Every Thursday morning, the U.S. Drought Monitor (USDM) is released, and the information contained on it helps inform numerous decisions. The United States Department of Agriculture uses it as a trigger to distribute billions of dollars in drought relief to farmers and ranchers through federal aid programs. Water supply managers consider it as they plan ahead. News reporters share updates with local, statewide and national audiences and several states use the USDM to help monitor drought conditions and coordinate activities locally.
This week, the National Drought Mitigation Center releases a new tutorial that explains, in text as well as a series of short videos, the history of the USDM, how climatologists create the map, the data- and observation-driven process that informs the map’s creation, the ways which the USDM informs policy and much more.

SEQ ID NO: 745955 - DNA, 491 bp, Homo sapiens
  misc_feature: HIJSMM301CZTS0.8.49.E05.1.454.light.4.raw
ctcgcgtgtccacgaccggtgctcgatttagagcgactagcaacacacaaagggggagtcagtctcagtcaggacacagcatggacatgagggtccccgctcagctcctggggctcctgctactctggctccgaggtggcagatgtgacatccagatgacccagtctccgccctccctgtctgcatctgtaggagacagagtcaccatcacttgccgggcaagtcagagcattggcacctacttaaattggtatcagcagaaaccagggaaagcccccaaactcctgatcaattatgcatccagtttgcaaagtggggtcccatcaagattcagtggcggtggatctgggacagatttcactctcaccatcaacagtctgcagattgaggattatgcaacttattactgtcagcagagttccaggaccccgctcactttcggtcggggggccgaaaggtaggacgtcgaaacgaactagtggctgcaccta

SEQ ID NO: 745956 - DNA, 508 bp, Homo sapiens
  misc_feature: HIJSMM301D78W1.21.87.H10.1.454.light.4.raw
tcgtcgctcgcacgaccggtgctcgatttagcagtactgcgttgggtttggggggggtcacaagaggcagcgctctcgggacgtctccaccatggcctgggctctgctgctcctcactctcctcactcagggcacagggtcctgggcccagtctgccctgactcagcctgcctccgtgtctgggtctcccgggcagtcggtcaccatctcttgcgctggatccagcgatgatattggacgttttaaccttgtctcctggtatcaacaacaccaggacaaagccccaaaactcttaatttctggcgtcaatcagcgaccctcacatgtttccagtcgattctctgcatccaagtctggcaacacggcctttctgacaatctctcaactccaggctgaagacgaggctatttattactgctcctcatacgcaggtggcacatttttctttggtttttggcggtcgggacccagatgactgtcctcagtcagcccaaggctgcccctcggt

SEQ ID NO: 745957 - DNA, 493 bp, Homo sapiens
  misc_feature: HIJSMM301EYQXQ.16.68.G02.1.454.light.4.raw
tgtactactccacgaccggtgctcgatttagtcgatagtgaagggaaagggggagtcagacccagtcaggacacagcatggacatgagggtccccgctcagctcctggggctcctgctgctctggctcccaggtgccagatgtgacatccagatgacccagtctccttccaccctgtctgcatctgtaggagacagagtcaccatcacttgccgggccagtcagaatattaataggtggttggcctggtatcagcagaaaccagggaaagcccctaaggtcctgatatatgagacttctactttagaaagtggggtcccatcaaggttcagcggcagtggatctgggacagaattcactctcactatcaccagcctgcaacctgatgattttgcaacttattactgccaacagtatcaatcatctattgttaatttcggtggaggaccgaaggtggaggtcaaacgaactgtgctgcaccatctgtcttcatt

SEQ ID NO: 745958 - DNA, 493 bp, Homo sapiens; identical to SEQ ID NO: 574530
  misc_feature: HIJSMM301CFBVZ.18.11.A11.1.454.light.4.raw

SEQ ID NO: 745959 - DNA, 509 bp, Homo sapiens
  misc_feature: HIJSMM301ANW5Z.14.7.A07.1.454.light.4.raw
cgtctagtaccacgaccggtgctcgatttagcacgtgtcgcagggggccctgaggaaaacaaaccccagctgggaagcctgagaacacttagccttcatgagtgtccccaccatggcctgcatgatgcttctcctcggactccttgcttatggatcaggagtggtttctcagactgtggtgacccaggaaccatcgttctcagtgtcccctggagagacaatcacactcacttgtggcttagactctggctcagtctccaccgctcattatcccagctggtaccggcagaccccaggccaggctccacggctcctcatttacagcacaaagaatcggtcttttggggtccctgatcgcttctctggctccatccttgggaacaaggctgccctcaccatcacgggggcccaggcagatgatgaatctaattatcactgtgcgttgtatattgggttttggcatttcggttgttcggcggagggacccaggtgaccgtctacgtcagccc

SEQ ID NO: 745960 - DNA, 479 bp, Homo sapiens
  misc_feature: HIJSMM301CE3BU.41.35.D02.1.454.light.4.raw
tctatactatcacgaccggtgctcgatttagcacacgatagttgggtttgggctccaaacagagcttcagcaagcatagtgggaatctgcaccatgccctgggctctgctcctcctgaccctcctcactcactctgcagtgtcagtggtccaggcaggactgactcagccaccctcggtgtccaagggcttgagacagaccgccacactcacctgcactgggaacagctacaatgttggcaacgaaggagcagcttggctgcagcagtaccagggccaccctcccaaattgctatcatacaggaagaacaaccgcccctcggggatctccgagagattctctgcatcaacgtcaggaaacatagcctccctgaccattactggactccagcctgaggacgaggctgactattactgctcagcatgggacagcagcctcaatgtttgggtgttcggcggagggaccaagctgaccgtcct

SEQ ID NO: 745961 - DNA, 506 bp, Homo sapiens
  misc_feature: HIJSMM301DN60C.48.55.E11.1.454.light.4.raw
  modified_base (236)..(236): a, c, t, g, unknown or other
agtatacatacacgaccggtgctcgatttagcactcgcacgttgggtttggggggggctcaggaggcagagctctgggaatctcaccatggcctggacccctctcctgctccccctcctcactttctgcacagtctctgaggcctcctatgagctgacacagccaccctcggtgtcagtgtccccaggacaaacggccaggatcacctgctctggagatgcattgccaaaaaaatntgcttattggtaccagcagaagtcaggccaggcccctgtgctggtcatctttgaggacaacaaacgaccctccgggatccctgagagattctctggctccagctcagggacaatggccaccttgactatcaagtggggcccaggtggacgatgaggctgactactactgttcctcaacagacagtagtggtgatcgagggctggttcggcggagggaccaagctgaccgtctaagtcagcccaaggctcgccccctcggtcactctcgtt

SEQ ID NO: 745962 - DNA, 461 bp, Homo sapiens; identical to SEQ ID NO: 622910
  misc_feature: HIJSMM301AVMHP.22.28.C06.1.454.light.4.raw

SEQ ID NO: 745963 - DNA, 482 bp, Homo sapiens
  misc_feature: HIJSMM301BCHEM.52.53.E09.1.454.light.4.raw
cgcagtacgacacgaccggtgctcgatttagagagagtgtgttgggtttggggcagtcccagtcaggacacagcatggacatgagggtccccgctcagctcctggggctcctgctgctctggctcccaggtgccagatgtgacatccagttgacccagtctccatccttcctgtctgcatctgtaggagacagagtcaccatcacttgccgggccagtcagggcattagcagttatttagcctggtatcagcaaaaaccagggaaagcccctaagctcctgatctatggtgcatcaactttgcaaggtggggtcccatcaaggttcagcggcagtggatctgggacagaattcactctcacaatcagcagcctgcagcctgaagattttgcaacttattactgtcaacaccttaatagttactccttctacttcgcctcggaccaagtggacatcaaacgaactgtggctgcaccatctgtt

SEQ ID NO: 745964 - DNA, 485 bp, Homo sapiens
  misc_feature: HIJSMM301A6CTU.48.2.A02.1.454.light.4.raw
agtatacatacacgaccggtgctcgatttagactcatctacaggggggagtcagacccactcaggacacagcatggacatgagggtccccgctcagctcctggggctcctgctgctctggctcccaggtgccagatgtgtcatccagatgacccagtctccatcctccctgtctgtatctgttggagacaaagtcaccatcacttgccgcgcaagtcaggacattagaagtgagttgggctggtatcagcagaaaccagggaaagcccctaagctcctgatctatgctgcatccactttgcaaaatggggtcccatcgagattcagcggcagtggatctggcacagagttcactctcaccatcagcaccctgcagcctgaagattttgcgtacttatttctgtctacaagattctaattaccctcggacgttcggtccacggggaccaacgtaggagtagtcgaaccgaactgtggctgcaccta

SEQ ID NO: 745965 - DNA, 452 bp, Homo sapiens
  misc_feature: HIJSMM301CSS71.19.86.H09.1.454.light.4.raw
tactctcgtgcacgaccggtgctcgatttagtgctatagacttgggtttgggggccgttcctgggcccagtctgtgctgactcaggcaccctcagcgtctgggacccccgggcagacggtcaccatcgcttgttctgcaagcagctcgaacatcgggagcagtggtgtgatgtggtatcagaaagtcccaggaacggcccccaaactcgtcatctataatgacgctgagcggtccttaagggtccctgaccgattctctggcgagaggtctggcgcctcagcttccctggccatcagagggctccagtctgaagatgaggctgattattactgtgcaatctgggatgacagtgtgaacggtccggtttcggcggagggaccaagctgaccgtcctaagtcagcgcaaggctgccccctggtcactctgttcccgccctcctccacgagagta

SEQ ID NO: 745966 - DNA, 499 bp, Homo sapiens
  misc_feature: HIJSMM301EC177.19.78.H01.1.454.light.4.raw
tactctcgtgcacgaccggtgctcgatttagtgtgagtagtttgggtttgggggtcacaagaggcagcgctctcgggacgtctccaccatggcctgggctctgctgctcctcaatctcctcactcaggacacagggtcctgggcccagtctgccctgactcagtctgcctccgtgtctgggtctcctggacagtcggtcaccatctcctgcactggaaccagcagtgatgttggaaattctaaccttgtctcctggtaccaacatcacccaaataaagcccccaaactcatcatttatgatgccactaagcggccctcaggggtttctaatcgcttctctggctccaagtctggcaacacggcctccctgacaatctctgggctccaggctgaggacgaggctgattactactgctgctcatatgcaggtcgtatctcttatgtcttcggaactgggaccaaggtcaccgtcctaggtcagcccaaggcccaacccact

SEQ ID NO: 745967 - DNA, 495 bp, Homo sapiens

Videos feature NDMC director and USDM co-founder Mark Svoboda and NDMC climatologist Brian Fuchs explaining facets of the USDM map-making process. They contribute information about the USDM’s evolution since its inception in 1999, as well as how the public can contribute to the process by providing information through systems such as the Drought Impact Reporter and CoCoRaHS, the Community Collaborative Rain, Hail and Snow Network. Tutorial users can also trace the typical timeline of producing one USDM map and learn how each of the map’s drought categories get assigned.
The suite of explanatory videos and narratives can be found at drought.unl.edu/usdmtutorial. The tutorial was created through a partnership with NDMC, USDA and the National Integrated Drought Information System.
By Cory Matteson, NDMC Communications Specialist